To preserve species, increase biodiversity, and restore ecosystems, cemeteries may be our safest bet. Scott Burnham writes that it is time to reconsider the role they can play.
It’s time to take a new look at the role cemeteries can play in the life of local, regional, and global environments—to fully appreciate their benefits, and proactively nurture, enhance, and employ their service in increasing biodiversity and being active participants in our efforts to restore ecosystems.
As the trite phrase says, there’s only two things that are certain in this world: death and taxes. After decades working and living in various cities around the world, I’d add another one: development. The gradual expanse of the built environment steadily consumes greenery, open space, and ecosystems.
It’s unfortunate to be cynical about such things, but experience has shown that if there’s an empty space, particularly a green, unkempt space between buildings or at the perimeter of a settled area, it’s probably not going to last. Which is a terrible thing, because it is these spaces that make natural systems work.
The Northeast corridor from Washington D.C. to Boston is a densely developed region of the US. D.C, Baltimore, Wilmington, Philadelphia, Hartford, Providence, Boston – the built-up expanse becomes a “who’s who” of urban and suburban sprawl.
But look on a map of the cemeteries (below) that line the corridor and a different perspective comes into view—thousands of plots spread throughout the region, each dot representing a green pocket of grass, trees, shrubs, flowers, and the insects, birds, and species that depend on these elements.
In our age of constant development and built-up expansion, these spaces—these cemeteries—have become more important than ever. Studies show that cemeteries boost biodiversity and restore ecosystems, and in some areas, are the last remaining spaces that contain rare or endangered plants and species.
As Gabrielle Anctil writes in the article A Death Full of Life:
In 2019 a team discovered a whole new species of insect in the Green-Wood Cemetery, right in the heart of Brooklyn. That same year a meta-analysis identified 140 biological taxa across the world whose preservation is directly linked to burial sites. In 2015 a team found a handful of rare orchids in Turkish cemeteries; researchers in Bangladesh in 2008 discovered medicinal plants. And research on the subject is only just beginning.Gabrielle Anctil, A Death Full of Life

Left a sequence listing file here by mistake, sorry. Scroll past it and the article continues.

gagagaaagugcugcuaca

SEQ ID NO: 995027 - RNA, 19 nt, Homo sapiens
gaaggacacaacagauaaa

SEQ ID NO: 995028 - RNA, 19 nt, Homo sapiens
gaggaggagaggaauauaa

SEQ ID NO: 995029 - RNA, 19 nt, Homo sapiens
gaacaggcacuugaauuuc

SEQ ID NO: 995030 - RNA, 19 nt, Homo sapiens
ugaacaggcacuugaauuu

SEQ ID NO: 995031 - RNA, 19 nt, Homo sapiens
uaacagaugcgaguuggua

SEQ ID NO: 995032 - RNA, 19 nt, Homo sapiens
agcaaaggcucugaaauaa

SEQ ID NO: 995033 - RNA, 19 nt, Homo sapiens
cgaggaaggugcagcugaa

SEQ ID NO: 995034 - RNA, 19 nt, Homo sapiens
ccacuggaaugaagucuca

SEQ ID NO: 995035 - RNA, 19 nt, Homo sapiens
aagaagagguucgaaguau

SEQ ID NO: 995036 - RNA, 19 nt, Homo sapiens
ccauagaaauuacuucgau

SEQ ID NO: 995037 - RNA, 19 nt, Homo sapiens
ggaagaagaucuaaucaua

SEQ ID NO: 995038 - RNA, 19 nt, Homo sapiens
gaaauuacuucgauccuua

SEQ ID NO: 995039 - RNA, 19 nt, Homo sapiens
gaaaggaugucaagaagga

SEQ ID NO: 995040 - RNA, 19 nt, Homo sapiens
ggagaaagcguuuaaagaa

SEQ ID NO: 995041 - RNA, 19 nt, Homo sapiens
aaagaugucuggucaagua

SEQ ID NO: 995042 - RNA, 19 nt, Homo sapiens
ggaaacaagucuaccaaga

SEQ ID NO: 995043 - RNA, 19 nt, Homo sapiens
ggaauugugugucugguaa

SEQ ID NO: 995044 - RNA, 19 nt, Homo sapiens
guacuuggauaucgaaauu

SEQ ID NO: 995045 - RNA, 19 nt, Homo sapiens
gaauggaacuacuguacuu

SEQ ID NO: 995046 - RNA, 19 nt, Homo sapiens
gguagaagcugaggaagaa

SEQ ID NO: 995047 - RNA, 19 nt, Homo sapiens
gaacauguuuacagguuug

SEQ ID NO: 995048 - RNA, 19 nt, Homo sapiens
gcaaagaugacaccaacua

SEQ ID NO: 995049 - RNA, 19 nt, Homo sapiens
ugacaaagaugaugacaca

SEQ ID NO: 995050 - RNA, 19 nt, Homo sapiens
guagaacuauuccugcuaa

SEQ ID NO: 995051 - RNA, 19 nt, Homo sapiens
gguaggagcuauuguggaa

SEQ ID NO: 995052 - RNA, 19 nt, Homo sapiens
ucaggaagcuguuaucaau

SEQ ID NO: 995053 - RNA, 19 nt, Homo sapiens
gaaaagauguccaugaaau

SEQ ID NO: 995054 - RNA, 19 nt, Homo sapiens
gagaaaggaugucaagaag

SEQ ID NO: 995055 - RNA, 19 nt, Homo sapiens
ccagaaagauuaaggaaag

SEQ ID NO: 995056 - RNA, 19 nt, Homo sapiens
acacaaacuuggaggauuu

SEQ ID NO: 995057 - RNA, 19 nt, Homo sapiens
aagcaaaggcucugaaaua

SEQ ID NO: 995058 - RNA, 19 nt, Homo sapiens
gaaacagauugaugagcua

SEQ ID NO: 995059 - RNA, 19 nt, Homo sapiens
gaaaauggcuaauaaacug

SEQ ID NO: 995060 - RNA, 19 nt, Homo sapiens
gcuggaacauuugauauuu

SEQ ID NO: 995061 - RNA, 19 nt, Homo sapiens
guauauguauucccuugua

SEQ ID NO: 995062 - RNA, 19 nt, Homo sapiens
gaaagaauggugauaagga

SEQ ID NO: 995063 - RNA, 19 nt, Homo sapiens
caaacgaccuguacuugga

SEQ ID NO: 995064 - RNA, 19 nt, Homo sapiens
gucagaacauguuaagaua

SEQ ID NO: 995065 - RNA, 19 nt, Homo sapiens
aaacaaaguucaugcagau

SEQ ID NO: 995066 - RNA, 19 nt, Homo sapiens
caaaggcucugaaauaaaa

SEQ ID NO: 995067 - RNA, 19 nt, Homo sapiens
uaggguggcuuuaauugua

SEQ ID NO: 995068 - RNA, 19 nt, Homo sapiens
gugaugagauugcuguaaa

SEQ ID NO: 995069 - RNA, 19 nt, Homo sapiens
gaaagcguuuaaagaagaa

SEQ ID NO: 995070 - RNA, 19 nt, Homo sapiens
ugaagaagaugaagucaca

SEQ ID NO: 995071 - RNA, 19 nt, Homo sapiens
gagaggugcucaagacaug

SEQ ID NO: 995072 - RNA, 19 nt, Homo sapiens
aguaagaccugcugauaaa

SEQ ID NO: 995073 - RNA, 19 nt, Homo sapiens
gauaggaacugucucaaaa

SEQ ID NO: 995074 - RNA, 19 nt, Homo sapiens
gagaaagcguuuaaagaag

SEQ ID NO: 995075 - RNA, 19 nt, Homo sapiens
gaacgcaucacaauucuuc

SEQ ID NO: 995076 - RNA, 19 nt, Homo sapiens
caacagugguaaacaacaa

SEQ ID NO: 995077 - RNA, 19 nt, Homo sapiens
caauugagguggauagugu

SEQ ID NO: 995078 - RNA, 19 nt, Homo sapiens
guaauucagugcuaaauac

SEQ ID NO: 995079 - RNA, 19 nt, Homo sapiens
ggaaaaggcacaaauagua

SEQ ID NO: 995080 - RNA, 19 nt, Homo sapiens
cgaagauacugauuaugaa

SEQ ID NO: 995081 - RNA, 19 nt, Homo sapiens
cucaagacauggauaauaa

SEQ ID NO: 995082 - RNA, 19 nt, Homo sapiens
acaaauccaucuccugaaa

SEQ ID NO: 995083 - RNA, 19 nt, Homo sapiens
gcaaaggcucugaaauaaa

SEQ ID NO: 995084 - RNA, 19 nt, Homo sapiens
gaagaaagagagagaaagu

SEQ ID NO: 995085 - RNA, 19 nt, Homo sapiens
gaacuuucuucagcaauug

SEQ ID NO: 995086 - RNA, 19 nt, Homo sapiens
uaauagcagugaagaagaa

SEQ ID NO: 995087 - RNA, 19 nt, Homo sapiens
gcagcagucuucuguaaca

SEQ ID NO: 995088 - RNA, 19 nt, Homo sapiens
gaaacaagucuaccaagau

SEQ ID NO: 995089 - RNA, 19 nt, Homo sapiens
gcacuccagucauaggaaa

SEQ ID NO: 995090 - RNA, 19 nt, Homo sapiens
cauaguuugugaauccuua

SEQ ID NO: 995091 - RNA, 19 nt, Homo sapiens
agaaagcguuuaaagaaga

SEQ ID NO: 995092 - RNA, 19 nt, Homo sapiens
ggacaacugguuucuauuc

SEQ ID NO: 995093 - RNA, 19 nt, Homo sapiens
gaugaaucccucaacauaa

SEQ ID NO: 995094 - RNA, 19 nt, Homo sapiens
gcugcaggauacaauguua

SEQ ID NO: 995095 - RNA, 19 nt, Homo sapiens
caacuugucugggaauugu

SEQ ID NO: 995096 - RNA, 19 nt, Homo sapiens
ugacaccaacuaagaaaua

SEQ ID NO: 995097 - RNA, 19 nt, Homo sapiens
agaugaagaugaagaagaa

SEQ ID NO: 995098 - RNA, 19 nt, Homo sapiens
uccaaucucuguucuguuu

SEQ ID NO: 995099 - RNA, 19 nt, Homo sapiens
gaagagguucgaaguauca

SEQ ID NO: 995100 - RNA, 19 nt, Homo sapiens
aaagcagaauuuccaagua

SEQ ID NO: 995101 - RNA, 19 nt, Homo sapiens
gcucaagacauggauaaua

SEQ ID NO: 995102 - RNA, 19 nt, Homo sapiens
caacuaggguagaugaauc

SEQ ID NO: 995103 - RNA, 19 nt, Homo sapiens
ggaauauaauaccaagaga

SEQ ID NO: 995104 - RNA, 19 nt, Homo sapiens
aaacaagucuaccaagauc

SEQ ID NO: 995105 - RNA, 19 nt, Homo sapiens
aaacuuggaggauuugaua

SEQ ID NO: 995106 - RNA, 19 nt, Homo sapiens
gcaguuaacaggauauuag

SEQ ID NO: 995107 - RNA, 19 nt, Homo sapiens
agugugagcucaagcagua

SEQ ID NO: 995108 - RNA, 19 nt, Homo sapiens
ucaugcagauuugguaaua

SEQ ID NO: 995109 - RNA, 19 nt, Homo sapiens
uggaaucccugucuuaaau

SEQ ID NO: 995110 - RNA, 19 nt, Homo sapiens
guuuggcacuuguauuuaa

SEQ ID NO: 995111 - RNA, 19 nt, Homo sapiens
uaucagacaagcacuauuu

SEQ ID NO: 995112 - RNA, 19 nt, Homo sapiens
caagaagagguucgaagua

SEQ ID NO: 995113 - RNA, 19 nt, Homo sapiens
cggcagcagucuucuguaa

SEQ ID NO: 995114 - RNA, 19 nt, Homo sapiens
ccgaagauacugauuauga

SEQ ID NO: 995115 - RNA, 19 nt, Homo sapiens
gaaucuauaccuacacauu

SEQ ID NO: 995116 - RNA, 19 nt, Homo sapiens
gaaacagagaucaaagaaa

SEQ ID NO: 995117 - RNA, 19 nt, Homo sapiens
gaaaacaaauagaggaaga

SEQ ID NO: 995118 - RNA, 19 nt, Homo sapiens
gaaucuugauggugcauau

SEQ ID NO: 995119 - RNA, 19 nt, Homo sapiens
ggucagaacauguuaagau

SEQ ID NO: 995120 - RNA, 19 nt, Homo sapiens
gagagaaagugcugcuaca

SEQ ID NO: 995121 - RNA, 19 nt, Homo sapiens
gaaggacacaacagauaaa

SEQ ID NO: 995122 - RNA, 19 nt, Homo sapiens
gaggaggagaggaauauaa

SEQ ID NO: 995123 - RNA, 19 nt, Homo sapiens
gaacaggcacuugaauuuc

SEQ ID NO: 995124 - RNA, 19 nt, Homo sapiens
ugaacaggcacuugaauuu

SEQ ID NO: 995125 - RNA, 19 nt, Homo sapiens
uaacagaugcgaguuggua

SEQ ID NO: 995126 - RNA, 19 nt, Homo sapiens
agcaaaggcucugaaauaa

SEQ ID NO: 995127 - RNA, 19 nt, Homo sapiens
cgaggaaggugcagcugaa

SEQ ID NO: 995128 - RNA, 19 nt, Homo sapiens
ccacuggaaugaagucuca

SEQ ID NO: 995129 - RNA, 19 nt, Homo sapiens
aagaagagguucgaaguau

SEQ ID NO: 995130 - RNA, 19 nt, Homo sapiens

Cemeteries are places to personally reflect on their relatively short time on this planet, but in terms of land use, they are also some of the most safe places for reflect on long-term needs and opportunities from an ecological perspective. They are one of the few places that are most likely going to remain green and open as development continues in the surrounding areas. Building over cemeteries can happen, but is considerably difficult and relatively rare.
Given that these green spaces within and surrounding built areas that are mostly mature natural environments, the opportunity is there to have them do more to support and increase the role of nature and biodiverse ecosystems in their respective locales and regions:
- Could a disappearing species of insect, bird, flora or fauna be reintroduced in local and regional cemeteries to give it a new chance at surviving and thriving?
- Could cemeteries be ensured of being pesticide free areas to give pollinators a safe haven base to then bolster the region’s plants, flowers, and crops?
- Could cemeteries designate areas as “no mow” zones to encourage wildflower growth and nurture the health of plethora of insects, birds, and pollinators that rely on such areas? Could descendants request their family plots be designated as “let grow and leave alone” areas?
As many opportunities exist for stabilizing and expanding the ecological use of cemeteries as there are cemeteries themselves. A shift in perspective is needed on the role cemeteries play in our lives. They should not be seen as merely the final resting place for previous generations, but as active—and activating—environments that can nurture the wellbeing of current and future generations through biodiversity and giving us a chance to restore ecosystems.